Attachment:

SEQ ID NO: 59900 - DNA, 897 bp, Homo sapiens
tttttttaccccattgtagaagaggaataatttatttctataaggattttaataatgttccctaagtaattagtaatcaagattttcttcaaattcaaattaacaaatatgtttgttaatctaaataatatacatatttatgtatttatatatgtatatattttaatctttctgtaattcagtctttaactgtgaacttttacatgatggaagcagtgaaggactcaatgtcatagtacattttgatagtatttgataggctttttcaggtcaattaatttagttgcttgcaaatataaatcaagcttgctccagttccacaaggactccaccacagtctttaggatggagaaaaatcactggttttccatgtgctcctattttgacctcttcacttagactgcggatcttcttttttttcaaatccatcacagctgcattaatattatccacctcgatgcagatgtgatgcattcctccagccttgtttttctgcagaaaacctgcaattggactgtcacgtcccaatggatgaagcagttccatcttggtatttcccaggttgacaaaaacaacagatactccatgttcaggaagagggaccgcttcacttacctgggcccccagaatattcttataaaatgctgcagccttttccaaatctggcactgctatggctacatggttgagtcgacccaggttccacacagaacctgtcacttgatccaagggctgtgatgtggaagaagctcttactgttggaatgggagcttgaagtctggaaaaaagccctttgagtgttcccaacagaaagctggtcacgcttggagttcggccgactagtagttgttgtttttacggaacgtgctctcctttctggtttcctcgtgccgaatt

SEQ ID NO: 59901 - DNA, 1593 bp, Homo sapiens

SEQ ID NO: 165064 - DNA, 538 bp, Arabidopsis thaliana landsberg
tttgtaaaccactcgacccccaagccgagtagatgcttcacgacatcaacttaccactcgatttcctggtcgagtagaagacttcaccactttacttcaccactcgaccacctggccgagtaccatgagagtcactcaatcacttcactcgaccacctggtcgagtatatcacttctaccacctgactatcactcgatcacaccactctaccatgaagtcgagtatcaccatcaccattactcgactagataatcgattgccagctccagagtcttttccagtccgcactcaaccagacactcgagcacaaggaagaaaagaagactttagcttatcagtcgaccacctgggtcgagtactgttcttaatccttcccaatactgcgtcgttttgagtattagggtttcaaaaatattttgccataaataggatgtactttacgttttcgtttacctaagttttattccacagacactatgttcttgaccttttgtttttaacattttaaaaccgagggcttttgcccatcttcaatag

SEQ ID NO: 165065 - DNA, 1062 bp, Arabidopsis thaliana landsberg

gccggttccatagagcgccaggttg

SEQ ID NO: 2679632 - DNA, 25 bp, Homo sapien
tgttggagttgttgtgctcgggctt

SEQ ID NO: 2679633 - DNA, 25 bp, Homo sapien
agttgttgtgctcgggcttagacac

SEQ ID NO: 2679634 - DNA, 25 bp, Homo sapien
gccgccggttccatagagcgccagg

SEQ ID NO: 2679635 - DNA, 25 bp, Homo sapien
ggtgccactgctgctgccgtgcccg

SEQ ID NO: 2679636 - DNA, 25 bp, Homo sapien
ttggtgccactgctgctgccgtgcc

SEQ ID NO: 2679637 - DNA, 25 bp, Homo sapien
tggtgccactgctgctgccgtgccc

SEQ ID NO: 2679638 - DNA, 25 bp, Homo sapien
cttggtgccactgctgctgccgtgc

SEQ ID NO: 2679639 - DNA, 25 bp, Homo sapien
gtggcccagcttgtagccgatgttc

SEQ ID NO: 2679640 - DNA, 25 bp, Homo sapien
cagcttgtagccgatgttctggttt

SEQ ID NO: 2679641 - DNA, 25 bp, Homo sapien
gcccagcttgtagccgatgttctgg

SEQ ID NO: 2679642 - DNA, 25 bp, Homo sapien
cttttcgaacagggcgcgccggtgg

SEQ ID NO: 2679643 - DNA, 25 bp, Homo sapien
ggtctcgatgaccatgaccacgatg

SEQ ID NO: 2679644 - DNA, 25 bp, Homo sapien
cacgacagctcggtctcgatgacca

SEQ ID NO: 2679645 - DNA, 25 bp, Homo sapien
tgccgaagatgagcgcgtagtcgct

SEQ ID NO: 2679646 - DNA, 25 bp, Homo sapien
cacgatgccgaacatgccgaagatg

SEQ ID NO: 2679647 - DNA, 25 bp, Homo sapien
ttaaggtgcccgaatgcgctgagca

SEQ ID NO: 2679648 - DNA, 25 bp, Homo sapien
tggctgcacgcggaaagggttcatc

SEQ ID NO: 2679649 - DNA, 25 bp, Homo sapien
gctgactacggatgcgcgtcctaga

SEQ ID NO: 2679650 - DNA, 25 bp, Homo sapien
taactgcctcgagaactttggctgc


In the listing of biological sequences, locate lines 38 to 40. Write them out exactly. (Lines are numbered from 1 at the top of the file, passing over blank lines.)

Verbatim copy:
SEQ ID NO: 2679647 - DNA, 25 bp, Homo sapien
ttaaggtgcccgaatgcgctgagca

SEQ ID NO: 2679648 - DNA, 25 bp, Homo sapien